Friday, 12 July 2013

Death Café Report from Brattleboro, Vermont

By Cheryl Richards, Hospice Care Coordinator, Bereavement Counselor, and Death Café Facilitator

On the 13th of June, it was a dark and stormy night . . . until the lights came on when Brattleboro Area Hospice hosted Vermont’s first Death Café at Amy’s Bakery Arts Café in downtown Brattleboro. And what a time we had! There had been steady interest in the event from the posters we papered all over town, but after two newspaper articles and radio interviews, my phone was “ringing off the hook” with people calling to reserve seats. We were filled to capacity with 36 attendees, 5 hospice team members and a waiting list of people wanting to come to the next one. People were standing in the rain in hopes that some of those with reservations wouldn’t show up.

As people came in they were presented with a slip of paper describing the procedure for ordering food & drink (hospice team members would bring them their orders), finding a place to sit at small tables seating five, and what to do if they needed assistance from staff or a break from the discussions. Tables were graced with flowers arranged by a hospice volunteer (taken home afterward by one of the members from each table) and a laminated card with a humorous death related cartoon on one side and possible discussion topics on the other. After a brief description of the history and purposes of the international Death Café movement, introduction of the hospice team, and outline of the evening, we got to it! If people came to the event feeling shy; they didn’t stay that way. The noise level in the café grew to magnificent proportions (that was the only negative feedback we got). Of the 36 participants, one third was men. The majority were boomers and older, although ages ranged from mid-twenties to eighties.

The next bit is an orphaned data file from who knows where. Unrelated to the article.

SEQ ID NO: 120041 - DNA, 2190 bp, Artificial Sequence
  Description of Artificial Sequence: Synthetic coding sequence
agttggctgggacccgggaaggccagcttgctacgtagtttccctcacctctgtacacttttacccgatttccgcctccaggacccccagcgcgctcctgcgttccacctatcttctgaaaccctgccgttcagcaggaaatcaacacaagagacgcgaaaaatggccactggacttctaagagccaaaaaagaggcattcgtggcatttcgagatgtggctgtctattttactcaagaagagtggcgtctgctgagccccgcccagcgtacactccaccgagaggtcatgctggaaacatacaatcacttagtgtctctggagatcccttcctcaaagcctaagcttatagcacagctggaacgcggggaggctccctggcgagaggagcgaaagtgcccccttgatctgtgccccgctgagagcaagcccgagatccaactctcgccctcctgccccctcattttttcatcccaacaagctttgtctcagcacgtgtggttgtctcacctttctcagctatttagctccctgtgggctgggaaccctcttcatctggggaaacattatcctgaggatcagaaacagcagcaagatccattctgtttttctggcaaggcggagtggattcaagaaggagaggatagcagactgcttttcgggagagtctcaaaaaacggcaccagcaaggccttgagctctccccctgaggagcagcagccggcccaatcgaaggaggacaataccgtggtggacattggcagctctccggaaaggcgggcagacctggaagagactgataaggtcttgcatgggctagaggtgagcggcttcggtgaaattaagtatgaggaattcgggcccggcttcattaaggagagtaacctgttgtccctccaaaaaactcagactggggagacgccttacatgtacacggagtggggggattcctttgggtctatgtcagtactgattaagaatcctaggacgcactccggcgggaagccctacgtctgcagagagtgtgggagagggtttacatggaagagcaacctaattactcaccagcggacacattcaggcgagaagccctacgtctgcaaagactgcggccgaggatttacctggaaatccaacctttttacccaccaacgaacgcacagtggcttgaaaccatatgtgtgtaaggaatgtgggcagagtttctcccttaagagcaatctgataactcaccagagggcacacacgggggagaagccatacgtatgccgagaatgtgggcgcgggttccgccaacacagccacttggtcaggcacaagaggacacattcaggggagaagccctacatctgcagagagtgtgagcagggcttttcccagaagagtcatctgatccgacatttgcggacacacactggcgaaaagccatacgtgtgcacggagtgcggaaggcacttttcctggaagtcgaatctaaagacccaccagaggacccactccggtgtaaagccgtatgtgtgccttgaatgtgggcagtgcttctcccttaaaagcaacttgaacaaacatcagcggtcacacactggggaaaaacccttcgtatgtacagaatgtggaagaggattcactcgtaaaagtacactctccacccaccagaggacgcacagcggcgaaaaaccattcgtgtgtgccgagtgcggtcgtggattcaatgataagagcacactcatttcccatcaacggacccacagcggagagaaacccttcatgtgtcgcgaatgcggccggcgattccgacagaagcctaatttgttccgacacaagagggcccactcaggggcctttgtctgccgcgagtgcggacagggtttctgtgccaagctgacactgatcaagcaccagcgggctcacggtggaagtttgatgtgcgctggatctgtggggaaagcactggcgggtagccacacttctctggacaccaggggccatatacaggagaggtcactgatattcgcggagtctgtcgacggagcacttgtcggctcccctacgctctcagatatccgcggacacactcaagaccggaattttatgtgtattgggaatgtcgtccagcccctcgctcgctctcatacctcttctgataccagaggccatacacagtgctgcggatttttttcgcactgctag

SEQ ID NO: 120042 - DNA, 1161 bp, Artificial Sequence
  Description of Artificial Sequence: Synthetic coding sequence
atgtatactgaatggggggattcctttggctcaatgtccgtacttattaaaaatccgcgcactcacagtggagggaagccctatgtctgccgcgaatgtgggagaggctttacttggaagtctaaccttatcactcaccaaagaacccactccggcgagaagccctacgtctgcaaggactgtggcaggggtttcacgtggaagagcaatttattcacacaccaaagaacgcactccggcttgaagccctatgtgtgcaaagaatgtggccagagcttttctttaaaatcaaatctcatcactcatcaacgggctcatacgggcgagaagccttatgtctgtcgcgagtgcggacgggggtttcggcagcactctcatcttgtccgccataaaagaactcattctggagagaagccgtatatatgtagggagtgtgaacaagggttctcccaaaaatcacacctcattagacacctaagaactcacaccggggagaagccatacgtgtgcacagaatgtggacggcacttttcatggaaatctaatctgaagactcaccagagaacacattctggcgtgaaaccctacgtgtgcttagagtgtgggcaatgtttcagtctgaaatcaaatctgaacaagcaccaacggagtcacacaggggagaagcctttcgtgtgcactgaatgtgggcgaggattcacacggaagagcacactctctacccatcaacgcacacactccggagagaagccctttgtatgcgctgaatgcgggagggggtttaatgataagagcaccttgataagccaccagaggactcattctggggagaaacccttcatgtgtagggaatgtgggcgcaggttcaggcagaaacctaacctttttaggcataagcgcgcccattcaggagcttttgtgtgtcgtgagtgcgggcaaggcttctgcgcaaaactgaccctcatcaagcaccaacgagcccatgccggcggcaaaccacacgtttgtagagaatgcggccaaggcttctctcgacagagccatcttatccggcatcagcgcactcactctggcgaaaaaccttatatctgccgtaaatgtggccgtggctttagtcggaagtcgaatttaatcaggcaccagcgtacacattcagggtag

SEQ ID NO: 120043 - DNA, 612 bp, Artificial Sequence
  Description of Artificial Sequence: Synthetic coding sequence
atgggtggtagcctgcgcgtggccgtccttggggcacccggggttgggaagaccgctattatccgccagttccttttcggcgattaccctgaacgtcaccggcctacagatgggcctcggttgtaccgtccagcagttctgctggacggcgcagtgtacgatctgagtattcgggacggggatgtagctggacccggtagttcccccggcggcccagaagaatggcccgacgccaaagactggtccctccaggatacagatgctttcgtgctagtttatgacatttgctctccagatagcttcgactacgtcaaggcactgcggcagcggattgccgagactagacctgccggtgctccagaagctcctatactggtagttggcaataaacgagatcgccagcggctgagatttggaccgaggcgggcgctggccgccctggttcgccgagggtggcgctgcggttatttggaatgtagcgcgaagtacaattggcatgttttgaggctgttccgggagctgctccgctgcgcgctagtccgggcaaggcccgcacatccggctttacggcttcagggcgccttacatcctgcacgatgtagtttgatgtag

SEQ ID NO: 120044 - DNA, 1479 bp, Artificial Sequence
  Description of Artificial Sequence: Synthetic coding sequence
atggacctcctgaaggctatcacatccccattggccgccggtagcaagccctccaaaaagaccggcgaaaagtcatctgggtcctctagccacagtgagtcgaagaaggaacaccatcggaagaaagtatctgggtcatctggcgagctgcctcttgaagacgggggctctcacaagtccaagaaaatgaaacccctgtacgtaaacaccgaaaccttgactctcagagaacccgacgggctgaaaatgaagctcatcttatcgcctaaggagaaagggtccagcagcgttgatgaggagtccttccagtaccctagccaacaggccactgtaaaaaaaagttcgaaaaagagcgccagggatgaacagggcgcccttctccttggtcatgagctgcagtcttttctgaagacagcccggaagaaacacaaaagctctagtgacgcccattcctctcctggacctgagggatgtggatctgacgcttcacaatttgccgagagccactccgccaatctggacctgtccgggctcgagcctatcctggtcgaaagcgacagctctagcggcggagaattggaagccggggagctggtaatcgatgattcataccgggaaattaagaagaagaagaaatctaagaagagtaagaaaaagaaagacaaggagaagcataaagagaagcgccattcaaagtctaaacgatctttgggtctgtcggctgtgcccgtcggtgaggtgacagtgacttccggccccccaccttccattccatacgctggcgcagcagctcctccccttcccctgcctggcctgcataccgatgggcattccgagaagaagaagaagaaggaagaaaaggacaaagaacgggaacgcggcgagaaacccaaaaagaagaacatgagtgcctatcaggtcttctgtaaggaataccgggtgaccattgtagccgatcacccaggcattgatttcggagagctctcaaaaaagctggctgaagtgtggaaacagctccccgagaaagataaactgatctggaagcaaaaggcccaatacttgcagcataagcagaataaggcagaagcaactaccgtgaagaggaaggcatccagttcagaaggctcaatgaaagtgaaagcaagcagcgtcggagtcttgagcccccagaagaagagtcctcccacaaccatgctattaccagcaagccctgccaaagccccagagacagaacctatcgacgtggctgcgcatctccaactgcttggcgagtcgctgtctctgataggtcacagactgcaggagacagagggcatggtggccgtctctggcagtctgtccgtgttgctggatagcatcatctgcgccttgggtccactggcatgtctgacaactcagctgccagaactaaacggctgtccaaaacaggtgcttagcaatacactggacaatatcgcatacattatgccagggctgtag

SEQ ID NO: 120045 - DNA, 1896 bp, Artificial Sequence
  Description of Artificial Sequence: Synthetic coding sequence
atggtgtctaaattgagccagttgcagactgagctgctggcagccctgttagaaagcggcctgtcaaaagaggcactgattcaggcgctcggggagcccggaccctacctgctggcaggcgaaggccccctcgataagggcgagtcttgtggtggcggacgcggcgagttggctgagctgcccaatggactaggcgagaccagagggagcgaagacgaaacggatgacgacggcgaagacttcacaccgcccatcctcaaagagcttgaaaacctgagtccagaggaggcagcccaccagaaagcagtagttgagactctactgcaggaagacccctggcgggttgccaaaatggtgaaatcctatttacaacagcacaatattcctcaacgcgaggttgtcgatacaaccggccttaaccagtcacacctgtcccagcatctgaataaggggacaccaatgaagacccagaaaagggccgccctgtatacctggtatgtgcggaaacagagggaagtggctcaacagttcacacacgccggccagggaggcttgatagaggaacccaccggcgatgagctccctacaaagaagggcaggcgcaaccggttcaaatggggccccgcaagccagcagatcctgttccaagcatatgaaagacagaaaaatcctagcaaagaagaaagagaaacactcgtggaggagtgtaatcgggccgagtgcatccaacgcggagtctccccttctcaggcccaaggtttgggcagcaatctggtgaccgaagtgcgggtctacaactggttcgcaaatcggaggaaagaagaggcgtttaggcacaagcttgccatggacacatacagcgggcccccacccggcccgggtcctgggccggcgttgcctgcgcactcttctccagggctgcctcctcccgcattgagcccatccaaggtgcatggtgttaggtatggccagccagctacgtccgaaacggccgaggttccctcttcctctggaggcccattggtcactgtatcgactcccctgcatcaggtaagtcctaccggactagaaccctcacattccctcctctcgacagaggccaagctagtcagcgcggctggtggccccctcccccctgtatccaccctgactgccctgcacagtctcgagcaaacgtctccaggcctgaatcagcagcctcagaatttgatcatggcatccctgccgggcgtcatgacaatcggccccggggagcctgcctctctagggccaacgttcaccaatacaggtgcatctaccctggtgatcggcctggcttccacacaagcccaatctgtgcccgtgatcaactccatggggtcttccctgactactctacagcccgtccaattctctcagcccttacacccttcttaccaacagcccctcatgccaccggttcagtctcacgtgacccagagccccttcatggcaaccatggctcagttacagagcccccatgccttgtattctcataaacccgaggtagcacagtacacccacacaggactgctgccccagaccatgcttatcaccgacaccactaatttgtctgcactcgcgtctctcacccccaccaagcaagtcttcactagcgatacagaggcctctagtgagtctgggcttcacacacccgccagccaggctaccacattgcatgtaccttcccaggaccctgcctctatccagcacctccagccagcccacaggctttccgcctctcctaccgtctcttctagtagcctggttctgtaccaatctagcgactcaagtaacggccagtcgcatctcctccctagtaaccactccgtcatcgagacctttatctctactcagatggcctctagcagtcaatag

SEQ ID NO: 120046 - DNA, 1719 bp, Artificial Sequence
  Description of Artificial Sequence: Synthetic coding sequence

Our hospice team was thrilled to see that while there were a few hospice aficionados present, most of the people who came were simply community members intrigued by the idea of sharing life-enriching conversation about death. Feedback from participants further confirmed this notion:

“People spoke openly about their feelings and experiences of death, a conversation I’ve never been able to have before.”

“I experienced what I didn’t expect, though I really didn’t know what to expect.”

“I loved the range of ages in our group. I loved the new insights and perspectives.”

“This was awesome! Please do it again! Great to have the opportunity to share with and be nourished by fellow “death heads”! So much joy!”

“After being here, I feel I can talk more freely about these topics.”

“A chance to talk with interesting people about what is always on my mind.”

“I want to be in more conversations about death!”

“I came feeling anxiety that I’d have nothing to say in the conversations, and am leaving wishing it was another 2 hours long.”

“I came with my daughter and I got to hear her thoughts and she got to hear mine. That was wonderful.”

In the last half hour each small group reported to the rest of the room on the topics they discussed - the range was unlimited and included: intelligent optimism, partnership with your own process of death, fear of dying, fear of the process of dying, being proactive about planning how you want to die, consciousness not being limited to this realm, how to encourage loved ones to be one’s partners in the dying process, death as an opportunity for personal honesty, cremation, green burial and paranormal experiences taking place following the death of a loved one. People reported the Death Café experience as comfortable, supporting a full range of emotions – from tears to raucous laughter, easier than anticipated, energy charged, inspirational and fun.

We are looking forward to hosting more Death Cafés in the future and will notify the public through our website and , or I can be contacted directly at 802-257-0775 X 108 or

Thank you everyone who was involved, from Jon and Lizzy to my fellow hospice mates, and all the history making Vermonters who dared to come to the first one!

Cheryl M. Richards

Brattleboro VT Death Café Organizer/Facilitator

1 comment:

  1. Strange concept... interesting... our Meditation Group has joined this movement and has scheduled an upcoming session very soon. Annapolis, MD. John Potts


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